Proposed Bill May Break Down Barriers Preventing Workers with Disabilities from Getting Hired
Posted On December 10, 2019
New legislation could help individuals with disabilities in South Carolina achieve greater independence by providing them with more opportunities to join the workforce.
While 32 states have adopted policies to encourage businesses to hire people with disabilities, and the federal government provides the Work Opportunity Tax Credit to employers who employ individuals with physical or mental disabilities, South Carolina doesn’t currently offer any hiring guidelines or incentives to encourage employers to recruit employees with disabilities.
A summer 2019 state report
shows that when individuals with disabilities have contacted a state agency to access services, a number have been placed either in an isolated environment where they’re primarily only in contact with others with disabilities or in a workshop that provides them with minimal skills and doesn't support their full potential.
To make integrated employment the first consideration for any individual with a disability applying for or receiving services, state Rep. Neal Collins, advocacy organizations Able South Carolina and Protection & Advocacy for People with Disabilities, Inc., and other organizations have helped create the Employment First Initiative Act.
The proposed bill would establish a commission that would recommend strategies to help state agencies, local government, and the private sector adopt a multifaceted approach to support individuals with disabilities obtaining employment.
Consisting of 17 appointed members, the South Carolina Employment First Oversight Commission would also track state agencies’ progress toward implementing aspects of the bill. The findings would be issued in an annual report to the governor and members of the South Carolina General Assembly.
Increasing Chances for Employment
Research has shown employment in integrated environments can have a highly beneficial effect on an individual’s health and well-being, providing expanded opportunities to socialize, in addition to helping to build self-esteem, confidence, and a sense of identity and personal achievement.
As of 2018, however, South Carolina had the sixth highest unemployment rate for people with disabilities in the U.S.—potentially placing thousands of workers with disabilities at risk for the negative outcomes associated with unemployment, according to the 2018 Annual Disability Statistics Compendium
. Studies have found a lack of employment can be associated with higher mortality, poorer health, and higher rates of depression.
Of the 727,702 South Carolina residents who have a disability, less than a third—32.6%—are employed. Seven out of 10 people with disabilities are unemployed.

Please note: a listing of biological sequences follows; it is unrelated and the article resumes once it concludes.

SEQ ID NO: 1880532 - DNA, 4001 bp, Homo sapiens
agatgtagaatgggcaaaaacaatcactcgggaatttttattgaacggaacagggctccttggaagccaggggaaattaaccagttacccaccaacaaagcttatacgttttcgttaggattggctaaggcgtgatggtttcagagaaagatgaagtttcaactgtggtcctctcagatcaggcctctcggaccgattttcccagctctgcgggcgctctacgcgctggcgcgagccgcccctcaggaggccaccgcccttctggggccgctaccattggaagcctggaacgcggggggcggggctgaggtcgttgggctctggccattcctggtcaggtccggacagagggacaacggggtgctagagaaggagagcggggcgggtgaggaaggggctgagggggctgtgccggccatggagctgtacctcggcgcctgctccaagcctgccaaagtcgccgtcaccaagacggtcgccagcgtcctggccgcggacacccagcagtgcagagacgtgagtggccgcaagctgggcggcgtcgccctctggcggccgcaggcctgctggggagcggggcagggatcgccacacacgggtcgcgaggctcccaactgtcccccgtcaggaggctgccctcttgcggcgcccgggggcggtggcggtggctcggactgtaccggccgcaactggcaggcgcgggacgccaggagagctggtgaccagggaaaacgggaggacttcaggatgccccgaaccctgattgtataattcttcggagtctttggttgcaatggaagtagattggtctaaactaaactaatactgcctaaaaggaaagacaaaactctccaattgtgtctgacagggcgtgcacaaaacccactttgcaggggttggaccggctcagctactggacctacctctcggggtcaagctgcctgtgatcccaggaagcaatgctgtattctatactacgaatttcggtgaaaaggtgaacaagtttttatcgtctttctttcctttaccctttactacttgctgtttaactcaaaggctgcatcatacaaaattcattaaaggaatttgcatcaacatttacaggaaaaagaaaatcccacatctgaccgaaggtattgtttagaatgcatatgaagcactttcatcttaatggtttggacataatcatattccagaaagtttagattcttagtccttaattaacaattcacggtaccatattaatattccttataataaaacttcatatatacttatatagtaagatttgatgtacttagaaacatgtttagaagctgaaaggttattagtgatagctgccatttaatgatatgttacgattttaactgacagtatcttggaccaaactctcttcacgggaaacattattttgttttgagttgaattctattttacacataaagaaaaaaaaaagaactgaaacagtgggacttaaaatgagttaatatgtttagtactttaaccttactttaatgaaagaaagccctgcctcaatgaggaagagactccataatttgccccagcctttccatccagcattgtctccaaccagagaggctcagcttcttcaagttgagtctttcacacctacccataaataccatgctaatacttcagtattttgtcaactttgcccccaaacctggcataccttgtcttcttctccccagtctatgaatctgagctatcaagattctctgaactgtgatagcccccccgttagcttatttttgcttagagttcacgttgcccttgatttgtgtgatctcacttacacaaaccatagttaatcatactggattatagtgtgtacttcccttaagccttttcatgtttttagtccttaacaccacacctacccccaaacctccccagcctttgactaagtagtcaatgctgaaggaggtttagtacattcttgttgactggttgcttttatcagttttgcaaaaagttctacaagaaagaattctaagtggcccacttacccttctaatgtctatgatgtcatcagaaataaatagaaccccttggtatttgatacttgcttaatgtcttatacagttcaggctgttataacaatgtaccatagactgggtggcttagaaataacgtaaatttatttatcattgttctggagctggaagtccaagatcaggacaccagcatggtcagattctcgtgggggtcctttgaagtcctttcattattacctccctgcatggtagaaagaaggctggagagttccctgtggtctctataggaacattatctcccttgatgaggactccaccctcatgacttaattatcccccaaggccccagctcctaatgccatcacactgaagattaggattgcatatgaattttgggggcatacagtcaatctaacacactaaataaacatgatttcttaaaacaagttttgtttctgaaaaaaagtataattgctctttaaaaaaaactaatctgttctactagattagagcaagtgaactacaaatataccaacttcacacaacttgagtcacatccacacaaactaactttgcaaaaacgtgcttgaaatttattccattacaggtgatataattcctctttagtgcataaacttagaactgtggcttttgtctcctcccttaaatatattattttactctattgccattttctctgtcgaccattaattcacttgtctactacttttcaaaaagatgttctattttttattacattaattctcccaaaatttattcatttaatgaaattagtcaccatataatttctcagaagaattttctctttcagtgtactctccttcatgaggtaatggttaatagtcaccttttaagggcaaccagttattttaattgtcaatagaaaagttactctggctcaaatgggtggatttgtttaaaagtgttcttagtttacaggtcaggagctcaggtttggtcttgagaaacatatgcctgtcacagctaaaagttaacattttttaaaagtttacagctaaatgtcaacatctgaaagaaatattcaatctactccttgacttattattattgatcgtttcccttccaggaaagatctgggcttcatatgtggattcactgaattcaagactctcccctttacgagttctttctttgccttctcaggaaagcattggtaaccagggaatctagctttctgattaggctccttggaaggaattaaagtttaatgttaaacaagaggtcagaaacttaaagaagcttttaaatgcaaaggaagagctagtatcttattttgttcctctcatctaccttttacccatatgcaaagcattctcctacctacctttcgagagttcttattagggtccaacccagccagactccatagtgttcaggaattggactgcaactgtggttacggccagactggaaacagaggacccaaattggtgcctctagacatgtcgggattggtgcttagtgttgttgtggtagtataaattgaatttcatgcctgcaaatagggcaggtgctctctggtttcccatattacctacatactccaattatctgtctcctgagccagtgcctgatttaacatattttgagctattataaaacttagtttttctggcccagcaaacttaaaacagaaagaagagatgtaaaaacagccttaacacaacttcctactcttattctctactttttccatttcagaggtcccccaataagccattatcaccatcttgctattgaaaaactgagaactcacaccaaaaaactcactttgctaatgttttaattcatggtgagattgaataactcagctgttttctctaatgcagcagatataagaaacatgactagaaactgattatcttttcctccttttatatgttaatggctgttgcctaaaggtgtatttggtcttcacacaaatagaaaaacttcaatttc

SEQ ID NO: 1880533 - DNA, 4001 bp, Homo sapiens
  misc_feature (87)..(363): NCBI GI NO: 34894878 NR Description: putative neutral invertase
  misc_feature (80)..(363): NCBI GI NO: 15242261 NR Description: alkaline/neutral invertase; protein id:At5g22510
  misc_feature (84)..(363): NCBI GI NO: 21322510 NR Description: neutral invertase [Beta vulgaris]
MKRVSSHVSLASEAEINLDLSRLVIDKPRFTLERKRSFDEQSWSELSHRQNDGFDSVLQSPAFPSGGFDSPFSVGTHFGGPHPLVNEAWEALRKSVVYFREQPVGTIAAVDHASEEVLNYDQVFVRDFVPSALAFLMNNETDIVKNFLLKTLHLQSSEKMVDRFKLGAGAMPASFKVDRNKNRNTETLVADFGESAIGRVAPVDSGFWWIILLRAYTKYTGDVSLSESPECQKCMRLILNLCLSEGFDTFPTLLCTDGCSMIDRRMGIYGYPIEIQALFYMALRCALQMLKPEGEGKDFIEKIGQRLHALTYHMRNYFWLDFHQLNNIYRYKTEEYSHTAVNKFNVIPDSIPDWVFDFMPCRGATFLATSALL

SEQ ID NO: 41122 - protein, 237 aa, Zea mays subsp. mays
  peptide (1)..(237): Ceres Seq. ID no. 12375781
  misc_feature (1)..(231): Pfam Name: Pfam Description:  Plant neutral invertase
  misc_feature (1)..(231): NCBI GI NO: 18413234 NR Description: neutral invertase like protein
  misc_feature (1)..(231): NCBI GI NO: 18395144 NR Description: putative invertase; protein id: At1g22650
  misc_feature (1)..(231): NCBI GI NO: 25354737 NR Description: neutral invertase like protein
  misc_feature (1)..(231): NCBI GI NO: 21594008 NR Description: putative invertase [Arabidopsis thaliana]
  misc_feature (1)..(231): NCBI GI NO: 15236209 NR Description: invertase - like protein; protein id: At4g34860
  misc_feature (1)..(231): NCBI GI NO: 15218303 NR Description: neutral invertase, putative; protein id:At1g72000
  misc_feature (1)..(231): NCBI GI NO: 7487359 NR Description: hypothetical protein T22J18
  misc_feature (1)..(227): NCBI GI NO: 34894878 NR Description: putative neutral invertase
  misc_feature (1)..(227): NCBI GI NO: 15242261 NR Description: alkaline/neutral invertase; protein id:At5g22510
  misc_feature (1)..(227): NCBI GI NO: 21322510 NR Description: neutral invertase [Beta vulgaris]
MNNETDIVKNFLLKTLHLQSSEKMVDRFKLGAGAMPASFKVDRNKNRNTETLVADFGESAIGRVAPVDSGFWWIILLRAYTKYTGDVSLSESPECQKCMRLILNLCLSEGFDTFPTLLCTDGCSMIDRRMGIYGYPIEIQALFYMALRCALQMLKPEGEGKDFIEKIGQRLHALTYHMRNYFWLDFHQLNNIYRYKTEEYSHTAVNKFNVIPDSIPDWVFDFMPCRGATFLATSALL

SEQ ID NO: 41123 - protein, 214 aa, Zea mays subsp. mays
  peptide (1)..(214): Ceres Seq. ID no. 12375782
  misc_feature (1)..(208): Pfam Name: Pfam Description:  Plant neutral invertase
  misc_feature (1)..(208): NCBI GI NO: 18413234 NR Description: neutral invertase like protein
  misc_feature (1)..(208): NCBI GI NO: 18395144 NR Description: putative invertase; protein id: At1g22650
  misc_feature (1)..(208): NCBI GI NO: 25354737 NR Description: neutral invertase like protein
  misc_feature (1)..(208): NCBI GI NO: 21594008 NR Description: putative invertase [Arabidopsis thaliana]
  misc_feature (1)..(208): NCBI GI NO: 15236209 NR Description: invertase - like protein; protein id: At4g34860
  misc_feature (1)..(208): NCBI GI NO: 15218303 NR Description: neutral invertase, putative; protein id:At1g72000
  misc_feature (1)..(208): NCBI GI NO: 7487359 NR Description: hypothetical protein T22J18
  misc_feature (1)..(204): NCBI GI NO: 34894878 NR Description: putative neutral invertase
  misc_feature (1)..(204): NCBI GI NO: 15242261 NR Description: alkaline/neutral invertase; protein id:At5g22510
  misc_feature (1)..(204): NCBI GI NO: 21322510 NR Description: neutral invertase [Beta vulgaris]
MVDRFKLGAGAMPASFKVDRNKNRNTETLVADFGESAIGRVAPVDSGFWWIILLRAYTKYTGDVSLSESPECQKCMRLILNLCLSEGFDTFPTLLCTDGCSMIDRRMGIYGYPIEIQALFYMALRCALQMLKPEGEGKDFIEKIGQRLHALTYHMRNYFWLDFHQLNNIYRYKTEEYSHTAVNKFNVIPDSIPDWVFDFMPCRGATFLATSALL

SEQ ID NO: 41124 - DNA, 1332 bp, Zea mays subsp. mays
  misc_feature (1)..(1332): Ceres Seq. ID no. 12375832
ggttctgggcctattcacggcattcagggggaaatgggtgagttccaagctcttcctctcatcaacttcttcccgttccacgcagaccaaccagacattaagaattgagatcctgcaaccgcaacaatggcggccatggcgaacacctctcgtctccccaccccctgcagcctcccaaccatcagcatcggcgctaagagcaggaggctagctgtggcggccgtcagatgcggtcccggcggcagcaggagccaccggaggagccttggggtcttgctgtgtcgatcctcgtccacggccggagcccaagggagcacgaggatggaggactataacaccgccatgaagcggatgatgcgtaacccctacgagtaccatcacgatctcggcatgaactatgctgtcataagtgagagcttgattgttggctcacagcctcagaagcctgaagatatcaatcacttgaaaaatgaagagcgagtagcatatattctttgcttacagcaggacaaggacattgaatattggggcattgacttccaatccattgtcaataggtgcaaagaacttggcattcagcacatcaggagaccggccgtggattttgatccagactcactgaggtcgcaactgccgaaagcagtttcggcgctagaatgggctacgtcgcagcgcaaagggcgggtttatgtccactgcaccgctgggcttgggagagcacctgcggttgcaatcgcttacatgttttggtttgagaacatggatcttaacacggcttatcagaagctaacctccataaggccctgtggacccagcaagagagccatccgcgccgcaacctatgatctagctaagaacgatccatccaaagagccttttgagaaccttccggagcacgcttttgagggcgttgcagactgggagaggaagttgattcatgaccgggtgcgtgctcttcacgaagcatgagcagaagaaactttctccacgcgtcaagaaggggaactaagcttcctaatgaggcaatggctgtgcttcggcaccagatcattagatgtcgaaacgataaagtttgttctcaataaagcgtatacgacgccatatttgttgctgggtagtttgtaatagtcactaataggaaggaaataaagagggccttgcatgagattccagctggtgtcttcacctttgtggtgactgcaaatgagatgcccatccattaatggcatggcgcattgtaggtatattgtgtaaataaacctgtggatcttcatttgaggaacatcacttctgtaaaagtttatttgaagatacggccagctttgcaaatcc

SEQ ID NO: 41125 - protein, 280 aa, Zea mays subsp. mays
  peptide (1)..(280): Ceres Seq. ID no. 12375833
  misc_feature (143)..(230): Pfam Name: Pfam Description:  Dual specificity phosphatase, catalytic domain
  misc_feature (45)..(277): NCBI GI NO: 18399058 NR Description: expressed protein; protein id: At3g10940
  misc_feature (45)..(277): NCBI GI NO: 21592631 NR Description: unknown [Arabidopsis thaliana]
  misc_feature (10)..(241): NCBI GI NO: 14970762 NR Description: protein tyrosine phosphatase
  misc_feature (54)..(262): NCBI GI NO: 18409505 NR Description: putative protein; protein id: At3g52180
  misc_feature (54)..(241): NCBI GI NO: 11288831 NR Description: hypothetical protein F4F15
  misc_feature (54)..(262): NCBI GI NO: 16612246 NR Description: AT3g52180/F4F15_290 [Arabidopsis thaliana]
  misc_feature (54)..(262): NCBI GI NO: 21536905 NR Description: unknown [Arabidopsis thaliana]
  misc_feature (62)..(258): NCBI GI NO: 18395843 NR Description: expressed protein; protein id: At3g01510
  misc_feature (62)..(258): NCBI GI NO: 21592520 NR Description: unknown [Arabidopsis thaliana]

A number of residents appear to be underemployed. An estimated 2,934 South Carolinians with disabilities have been placed in sheltered workshops where they may earn less than minimum wage due to a law passed in 1938 that allows employers to base pay on the perceived impact an employee’s disability has on the person’s capacity to perform a job.
To eliminate any misconceptions, employers need to be educated about the often-minimal cost involved in accommodations for employees with a disability, as well as the various benefits, that can result from hiring people with disabilities.
Training is necessary to improve employment opportunities. While the South Carolina High School Credential
will help some students with disabilities gain employment skills, the initiative doesn’t address the needs of all individuals with disabilities.
South Carolina has to start preparing students with disabilities earlier for future work—and making sure they have an opportunity to graduate with a high school diploma. Forty-eight percent of students in individualized education programs in the state did not earn a high school diploma, according to the state Department of Education.
A Policy That Can Pay Off for the Entire Community
The suggested legislation would truly be a win-win proposition for businesses, citizens with disabilities, and other residents in the state.
In addition to the impact that training and encouragement can have on individuals with disabilities’ morale, employment can position them to achieve greater financial independence—potentially helping a number of workers with disabilities who have relied on government services transition to becoming taxpayers, which would provide additional state revenue. Businesses, too, will benefit from being able to tap into an expanded pool of qualified job applicants, many of whom possess diverse skill sets.
The Employment First Initiative Act sponsor, Rep. Neal Collins, is planning to pre-file the legislation on December 11. Simultaneously, the stakeholders are working with the governor’s office to issue an executive order to support the initiative.
The act and the executive order would both establish the South Carolina Employment First Oversight Commission—and put efforts to encourage agencies to recommend employment before other services into motion, potentially improving the lives of numerous individuals with disabilities in the state for decades to come.
For additional updates on the status of the legislation, please continue to check Turner Padget’s blog.
Ed Schafer is an attorney with Turner Padget in the firm’s Columbia, S.C., office, where he advises local governments, associations, nonprofits and industries on any problems that may need a legislative or regulatory solution. He has extensive experience in governmental relations, lobbying and association management, as well as a wide range of experience that includes representing individuals in disability rights matters, county and municipal governments, and the housing industry. He may be reached at firstname.lastname@example.org or at 803-227-4309.